DoubleClicks.info About Computers for Newbies & Everyone Else

August 10, 2010

Email Apps

Filed under: Columns — Tags: , , , , , , — Ron @ 4:08 am

Thanks for the emails I received regarding the last column about “Secure P@55w0rdz“.  Most of you commented on the spelling I used in that word.  That is somewhat standard usage by geeks.  I’m glad you enjoyed it.  Apparently it caused a few of you to increase your passwords’ difficultly level which is a good thing.  Several of you asked how to rate the strength of your password. Here is a site at Microsoft where you can check yours out, http://bit.ly/cG2pw0.

On to today… I received many questions about programs to read and send email.  Today we will look at some of the most popular free ones.  Don’t forget, “Ron likes free best!”, so that is all I will discuss today.

My old favorite was Microsoft Outlook Express; however, since companies always like to change things – they did.  With the dawn of Windows 7, OE was done away with and replaced by Windows Live Mail, explore.live.com/windows-live-mail.  This is a good email program but MS has something I like even better.  If you do not want to add another program to your computer, MS has an online version which includes even more.  There you will find email which does not require a download called Windows Live.  You can get to it the old way at hotmail.com or the new way at mail.live.com.  They go to the same site.

Next on my list is Thunderbird which is located at Mozilla.com.  If that address looks familiar to you it is because they are also the company which created Firefox (a great browser you could try while there).  Thunderbird has all the bells and whistles too, but make sure you only use IMAP in the setup if you know what it is.  I personally don’t care for IMAP but that’s just me.  To find out more about IMAP go to bit.ly/bYXOtk.

In my opinion those are the best for Windows users.  I would also like to mention that if you use Google’s Gmail account, they made a big change just this week.  Now Gmail is a little off topic since it is online only (although it can be added to the other two programs).  However, if you have multiple Gmail accounts you should use this new feature.

Log into your favorite Gmail account because this will be set to default.  Now, go to Settings / Accounts and Import / Google Account Settings and change “Multiple sign in” to on.  Then add your other Gmail accounts, follow the directions and you will like it.  After that you will be able to switch back and forth between those accounts without having to log off and back on.  Nice feature Gmail…thanks!

May 4, 2010

Just a Little Bit

Filed under: Columns — Tags: , , , , — Ron @ 4:49 am

Thanks for the many questions this week that all dealt with the same thing.  Many readers wanted to know about all the references I have given out over the past several weeks.  Most everyone wanted to know what the ‘bit.ly’ links were since they accessed different sites.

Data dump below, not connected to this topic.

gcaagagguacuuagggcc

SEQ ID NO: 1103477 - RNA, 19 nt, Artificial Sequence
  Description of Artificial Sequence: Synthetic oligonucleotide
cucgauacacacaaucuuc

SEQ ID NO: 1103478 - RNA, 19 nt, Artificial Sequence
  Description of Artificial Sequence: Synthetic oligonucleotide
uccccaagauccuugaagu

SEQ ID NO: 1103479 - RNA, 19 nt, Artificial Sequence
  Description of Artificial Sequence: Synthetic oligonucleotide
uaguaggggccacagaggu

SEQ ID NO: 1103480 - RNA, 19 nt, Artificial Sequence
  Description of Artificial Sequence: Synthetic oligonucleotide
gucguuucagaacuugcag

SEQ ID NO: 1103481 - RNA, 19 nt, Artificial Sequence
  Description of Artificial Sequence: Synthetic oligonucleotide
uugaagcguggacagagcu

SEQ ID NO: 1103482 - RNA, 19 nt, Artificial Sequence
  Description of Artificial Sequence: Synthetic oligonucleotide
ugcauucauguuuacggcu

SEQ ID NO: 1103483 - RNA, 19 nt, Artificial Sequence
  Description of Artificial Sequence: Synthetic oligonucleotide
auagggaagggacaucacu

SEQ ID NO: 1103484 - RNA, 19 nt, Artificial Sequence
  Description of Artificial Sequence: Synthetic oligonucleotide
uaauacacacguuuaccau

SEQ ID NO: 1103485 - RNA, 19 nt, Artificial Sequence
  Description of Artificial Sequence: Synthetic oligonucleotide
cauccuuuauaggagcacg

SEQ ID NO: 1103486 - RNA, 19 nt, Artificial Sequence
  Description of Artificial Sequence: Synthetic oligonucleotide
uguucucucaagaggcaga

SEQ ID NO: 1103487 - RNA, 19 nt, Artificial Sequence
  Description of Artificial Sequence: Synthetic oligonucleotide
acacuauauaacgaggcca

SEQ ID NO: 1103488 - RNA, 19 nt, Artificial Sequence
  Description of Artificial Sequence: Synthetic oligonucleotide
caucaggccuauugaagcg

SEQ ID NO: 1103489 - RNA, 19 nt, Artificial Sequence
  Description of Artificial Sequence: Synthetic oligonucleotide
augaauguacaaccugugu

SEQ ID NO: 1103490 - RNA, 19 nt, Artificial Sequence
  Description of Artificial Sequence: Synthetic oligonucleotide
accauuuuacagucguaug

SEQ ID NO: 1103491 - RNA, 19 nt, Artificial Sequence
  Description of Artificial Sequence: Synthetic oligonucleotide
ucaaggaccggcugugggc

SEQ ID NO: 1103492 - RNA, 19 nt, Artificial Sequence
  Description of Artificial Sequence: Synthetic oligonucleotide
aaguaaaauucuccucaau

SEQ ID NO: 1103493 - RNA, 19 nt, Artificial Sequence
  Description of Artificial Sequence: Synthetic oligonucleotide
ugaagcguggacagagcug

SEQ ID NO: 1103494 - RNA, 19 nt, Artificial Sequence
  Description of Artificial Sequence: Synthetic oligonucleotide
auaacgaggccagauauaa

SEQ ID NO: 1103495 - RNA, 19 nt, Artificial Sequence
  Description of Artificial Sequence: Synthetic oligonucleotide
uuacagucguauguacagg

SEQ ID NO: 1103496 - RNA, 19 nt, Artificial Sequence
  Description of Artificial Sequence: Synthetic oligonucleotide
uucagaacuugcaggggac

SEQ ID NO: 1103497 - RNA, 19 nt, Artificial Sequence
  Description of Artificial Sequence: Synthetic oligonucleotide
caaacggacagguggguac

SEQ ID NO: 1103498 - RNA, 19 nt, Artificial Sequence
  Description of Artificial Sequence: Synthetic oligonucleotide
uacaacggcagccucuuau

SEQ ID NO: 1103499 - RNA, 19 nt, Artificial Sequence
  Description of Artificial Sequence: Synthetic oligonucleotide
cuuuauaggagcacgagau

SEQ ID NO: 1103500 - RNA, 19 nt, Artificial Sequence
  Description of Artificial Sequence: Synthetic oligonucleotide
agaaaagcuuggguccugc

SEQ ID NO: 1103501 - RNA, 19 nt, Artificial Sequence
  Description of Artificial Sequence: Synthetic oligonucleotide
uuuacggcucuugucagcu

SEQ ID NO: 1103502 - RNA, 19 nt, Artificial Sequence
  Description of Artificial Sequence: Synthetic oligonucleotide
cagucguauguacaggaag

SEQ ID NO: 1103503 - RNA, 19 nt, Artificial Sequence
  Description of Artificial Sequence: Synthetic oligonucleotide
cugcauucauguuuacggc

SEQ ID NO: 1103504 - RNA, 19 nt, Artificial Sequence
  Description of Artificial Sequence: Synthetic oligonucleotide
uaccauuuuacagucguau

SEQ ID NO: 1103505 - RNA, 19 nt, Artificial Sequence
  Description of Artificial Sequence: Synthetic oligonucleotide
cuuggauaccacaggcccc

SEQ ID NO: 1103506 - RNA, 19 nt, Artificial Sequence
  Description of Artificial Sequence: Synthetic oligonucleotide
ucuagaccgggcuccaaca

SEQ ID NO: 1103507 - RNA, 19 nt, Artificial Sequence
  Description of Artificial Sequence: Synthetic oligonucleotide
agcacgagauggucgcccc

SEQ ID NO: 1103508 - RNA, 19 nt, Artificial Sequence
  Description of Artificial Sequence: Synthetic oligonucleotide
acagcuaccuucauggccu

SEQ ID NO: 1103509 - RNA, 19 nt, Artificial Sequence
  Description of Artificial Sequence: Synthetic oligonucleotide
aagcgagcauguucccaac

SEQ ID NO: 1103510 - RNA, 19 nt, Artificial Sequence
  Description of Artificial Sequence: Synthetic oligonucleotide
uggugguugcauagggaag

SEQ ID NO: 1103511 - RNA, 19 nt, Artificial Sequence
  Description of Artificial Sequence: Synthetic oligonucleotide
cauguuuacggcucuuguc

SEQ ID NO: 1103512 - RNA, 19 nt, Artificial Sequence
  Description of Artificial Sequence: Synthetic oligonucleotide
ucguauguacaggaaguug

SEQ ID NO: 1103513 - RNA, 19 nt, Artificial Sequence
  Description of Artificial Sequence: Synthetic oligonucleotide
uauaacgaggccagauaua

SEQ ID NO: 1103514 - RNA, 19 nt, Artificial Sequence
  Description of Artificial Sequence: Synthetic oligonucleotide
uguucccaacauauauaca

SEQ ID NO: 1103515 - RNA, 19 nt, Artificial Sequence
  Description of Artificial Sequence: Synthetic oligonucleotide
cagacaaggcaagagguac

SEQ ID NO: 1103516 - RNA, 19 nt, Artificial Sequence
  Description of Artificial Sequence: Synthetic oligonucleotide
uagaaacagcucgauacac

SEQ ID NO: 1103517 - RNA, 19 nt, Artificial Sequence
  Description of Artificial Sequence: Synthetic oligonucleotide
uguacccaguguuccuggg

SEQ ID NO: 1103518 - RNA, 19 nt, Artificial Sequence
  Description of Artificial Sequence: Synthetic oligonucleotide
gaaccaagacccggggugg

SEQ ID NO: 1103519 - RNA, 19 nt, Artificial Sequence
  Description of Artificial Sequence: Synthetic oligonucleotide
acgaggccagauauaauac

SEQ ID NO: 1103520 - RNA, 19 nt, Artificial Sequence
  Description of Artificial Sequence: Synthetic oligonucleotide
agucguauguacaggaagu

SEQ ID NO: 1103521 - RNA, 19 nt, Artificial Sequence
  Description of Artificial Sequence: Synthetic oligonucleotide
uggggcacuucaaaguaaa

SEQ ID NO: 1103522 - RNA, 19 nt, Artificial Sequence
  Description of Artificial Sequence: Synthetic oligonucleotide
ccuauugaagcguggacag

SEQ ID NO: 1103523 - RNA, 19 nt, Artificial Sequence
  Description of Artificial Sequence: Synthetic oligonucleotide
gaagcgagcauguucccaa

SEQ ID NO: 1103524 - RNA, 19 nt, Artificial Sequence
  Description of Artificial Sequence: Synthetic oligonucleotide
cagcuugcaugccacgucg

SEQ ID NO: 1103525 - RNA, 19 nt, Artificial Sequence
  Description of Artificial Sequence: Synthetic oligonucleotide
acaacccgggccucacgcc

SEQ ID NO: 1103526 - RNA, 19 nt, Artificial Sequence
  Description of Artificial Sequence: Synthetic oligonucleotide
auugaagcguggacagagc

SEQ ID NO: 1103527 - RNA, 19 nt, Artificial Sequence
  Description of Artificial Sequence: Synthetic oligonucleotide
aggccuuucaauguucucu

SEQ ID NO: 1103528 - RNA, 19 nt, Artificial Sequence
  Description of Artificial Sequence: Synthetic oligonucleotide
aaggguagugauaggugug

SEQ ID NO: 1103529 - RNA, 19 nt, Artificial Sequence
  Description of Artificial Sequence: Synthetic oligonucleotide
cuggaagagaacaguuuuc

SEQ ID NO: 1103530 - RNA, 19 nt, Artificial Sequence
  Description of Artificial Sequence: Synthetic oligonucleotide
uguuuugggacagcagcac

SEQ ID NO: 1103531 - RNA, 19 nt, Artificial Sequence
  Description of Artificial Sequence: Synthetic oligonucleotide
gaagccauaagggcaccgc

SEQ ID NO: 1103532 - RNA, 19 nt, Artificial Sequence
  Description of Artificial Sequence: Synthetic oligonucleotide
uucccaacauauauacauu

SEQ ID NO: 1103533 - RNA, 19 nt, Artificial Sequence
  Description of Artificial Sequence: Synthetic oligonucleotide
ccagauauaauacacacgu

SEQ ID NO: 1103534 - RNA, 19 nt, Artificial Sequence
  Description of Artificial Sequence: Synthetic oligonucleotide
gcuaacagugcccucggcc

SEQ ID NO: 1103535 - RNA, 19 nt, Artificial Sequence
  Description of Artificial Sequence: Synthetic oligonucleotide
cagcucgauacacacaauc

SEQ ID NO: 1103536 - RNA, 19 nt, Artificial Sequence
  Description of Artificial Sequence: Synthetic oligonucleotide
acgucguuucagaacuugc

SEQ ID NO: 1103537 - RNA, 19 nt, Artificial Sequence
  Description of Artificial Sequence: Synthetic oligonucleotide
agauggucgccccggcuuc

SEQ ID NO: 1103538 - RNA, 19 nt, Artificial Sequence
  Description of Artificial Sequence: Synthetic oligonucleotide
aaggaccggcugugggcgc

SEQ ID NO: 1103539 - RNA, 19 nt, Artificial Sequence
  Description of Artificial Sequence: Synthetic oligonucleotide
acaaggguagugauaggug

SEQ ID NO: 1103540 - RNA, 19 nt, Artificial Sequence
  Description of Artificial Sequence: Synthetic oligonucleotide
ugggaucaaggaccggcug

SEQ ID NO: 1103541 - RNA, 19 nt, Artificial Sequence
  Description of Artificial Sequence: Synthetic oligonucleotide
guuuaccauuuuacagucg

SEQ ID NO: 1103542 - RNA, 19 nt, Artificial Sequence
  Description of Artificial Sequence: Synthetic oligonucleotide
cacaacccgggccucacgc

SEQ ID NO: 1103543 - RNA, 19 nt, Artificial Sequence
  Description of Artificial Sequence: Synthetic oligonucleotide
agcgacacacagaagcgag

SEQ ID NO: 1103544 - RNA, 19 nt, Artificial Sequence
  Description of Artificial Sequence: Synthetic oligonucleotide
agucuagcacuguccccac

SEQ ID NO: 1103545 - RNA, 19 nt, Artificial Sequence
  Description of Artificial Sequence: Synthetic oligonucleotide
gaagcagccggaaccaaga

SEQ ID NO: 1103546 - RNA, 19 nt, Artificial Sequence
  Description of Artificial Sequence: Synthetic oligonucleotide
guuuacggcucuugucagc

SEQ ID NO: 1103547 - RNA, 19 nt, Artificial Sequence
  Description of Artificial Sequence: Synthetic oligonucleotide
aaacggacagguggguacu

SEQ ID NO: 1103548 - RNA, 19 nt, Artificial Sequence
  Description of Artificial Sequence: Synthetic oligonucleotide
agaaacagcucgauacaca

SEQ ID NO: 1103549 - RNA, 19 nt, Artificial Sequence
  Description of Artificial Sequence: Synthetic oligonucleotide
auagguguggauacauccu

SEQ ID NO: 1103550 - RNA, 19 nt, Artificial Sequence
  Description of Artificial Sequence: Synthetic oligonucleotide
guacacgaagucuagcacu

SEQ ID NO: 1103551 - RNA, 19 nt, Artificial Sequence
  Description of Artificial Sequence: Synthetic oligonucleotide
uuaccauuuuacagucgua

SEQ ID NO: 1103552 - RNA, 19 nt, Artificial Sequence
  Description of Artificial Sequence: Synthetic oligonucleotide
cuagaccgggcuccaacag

First, allow me to give a short explanation about top-level county code domains.  You are familiar with the “.com” (commercial), “.info” (information, like DoubleClicks.info) and “.gov” (for the US government) top-level codes.  The code is not necessarily indicative of what the site is used for. For instance, I could sell items on an “.info” site that provides absolutely no information.  However, “.gov” is only to be used by the US government.

A few years back a new domain level started, “Country Code” top-level domains.  This allows some countries to have their own top-levels.  The first I remember seeing was “.to” which represents the very small island of Tonga in the South Pacific.   Do not ask me why they get one and others do not.  If you are interested in a site with more detail, including a country list, try http://bit.ly/a7Vmpo.

If you notice the link above it is a “.ly” top-level domain which is the country code for Libya.  This does not mean that the site has anything to do with Libya other than the “.ly” at the end.  As a matter of fact I checked the owner of Bit.ly and it appears to be someone in New York.

imageOK, now to Bit.ly and what it does.  This designer had a great idea.  Sometimes you have a site address that is very long and cumbersome.  Bit.ly allows you to shorten a long URL address into a much shorter address.  For instance the one I typed two paragraphs up is actually the shortened bit.ly code for, “http://en.wikipedia.org/wiki/Country_code_top-level_domain”.  See the difference in the amount of space they take up.  In case you didn’t count that is 20 characters compared to 54…no question about which is easier to use.

If you go to http://bit.ly and enter a site address it will convert it to the short one. You can then give it out to others.  This makes a large address much easier to deal with.

One final interesting feature offered by the “bit.ly” site, is that it lets you know how many people use your link.  For instance, the link I gave last week for a dropbox.com account was clicked on by 35 people the first day it was printed and 12 actually signed up.

I made a bit.ly link that has received 1,876 views (my largest) since I posted it on Twitter.com, January, 2010.  It is http://bit.ly/9tqtAN which concerns the defunct TV show, “Firefly” (yeah, my favorite too).

There are other sites which provide similar services but bit.ly is the one I prefer.

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